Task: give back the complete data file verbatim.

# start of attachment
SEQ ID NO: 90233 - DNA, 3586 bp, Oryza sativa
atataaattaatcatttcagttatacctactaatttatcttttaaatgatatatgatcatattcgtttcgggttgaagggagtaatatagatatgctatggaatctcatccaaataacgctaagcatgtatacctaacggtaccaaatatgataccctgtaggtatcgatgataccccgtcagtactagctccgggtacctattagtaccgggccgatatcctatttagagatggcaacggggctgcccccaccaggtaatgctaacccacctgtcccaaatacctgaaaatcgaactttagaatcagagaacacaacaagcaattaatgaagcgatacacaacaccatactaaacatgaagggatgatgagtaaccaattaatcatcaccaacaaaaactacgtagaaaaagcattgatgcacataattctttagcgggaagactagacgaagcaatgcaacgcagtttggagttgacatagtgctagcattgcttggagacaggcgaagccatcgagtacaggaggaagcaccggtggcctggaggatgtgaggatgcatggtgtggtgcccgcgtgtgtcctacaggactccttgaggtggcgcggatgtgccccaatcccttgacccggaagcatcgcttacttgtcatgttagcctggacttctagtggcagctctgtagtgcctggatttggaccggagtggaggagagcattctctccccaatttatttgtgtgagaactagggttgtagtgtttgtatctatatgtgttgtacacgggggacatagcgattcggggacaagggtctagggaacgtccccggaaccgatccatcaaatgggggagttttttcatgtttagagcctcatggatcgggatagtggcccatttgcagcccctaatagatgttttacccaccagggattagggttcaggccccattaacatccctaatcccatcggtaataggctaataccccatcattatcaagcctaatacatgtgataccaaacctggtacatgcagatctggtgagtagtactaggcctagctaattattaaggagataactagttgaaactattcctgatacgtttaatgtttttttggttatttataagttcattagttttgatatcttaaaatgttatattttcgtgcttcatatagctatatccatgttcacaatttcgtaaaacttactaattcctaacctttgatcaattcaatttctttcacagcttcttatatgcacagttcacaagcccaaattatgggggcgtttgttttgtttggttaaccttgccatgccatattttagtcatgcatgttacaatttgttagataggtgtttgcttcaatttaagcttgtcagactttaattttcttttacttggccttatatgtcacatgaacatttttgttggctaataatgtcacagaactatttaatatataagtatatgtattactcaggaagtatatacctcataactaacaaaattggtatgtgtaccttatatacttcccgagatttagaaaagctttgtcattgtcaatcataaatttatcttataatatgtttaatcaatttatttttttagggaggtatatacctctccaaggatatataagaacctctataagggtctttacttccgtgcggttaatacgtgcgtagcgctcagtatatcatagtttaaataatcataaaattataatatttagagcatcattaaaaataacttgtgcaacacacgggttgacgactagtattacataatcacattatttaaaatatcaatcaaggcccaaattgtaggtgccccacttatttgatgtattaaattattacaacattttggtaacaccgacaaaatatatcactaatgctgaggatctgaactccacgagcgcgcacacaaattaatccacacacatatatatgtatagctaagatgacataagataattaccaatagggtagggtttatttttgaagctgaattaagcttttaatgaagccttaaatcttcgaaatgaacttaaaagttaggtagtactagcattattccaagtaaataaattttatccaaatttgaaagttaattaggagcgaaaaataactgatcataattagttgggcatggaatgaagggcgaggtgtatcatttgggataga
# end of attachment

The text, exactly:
SEQ ID NO: 90233 - DNA, 3586 bp, Oryza sativa
atataaattaatcatttcagttatacctactaatttatcttttaaatgatatatgatcatattcgtttcgggttgaagggagtaatatagatatgctatggaatctcatccaaataacgctaagcatgtatacctaacggtaccaaatatgataccctgtaggtatcgatgataccccgtcagtactagctccgggtacctattagtaccgggccgatatcctatttagagatggcaacggggctgcccccaccaggtaatgctaacccacctgtcccaaatacctgaaaatcgaactttagaatcagagaacacaacaagcaattaatgaagcgatacacaacaccatactaaacatgaagggatgatgagtaaccaattaatcatcaccaacaaaaactacgtagaaaaagcattgatgcacataattctttagcgggaagactagacgaagcaatgcaacgcagtttggagttgacatagtgctagcattgcttggagacaggcgaagccatcgagtacaggaggaagcaccggtggcctggaggatgtgaggatgcatggtgtggtgcccgcgtgtgtcctacaggactccttgaggtggcgcggatgtgccccaatcccttgacccggaagcatcgcttacttgtcatgttagcctggacttctagtggcagctctgtagtgcctggatttggaccggagtggaggagagcattctctccccaatttatttgtgtgagaactagggttgtagtgtttgtatctatatgtgttgtacacgggggacatagcgattcggggacaagggtctagggaacgtccccggaaccgatccatcaaatgggggagttttttcatgtttagagcctcatggatcgggatagtggcccatttgcagcccctaatagatgttttacccaccagggattagggttcaggccccattaacatccctaatcccatcggtaataggctaataccccatcattatcaagcctaatacatgtgataccaaacctggtacatgcagatctggtgagtagtactaggcctagctaattattaaggagataactagttgaaactattcctgatacgtttaatgtttttttggttatttataagttcattagttttgatatcttaaaatgttatattttcgtgcttcatatagctatatccatgttcacaatttcgtaaaacttactaattcctaacctttgatcaattcaatttctttcacagcttcttatatgcacagttcacaagcccaaattatgggggcgtttgttttgtttggttaaccttgccatgccatattttagtcatgcatgttacaatttgttagataggtgtttgcttcaatttaagcttgtcagactttaattttcttttacttggccttatatgtcacatgaacatttttgttggctaataatgtcacagaactatttaatatataagtatatgtattactcaggaagtatatacctcataactaacaaaattggtatgtgtaccttatatacttcccgagatttagaaaagctttgtcattgtcaatcataaatttatcttataatatgtttaatcaatttatttttttagggaggtatatacctctccaaggatatataagaacctctataagggtctttacttccgtgcggttaatacgtgcgtagcgctcagtatatcatagtttaaataatcataaaattataatatttagagcatcattaaaaataacttgtgcaacacacgggttgacgactagtattacataatcacattatttaaaatatcaatcaaggcccaaattgtaggtgccccacttatttgatgtattaaattattacaacattttggtaacaccgacaaaatatatcactaatgctgaggatctgaactccacgagcgcgcacacaaattaatccacacacatatatatgtatagctaagatgacataagataattaccaatagggtagggtttatttttgaagctgaattaagcttttaatgaagccttaaatcttcgaaatgaacttaaaagttaggtagtactagcattattccaagtaaataaattttatccaaatttgaaagttaattaggagcgaaaaataactgatcataattagttgggcatggaatgaagggcgaggtgtatcatttgggataga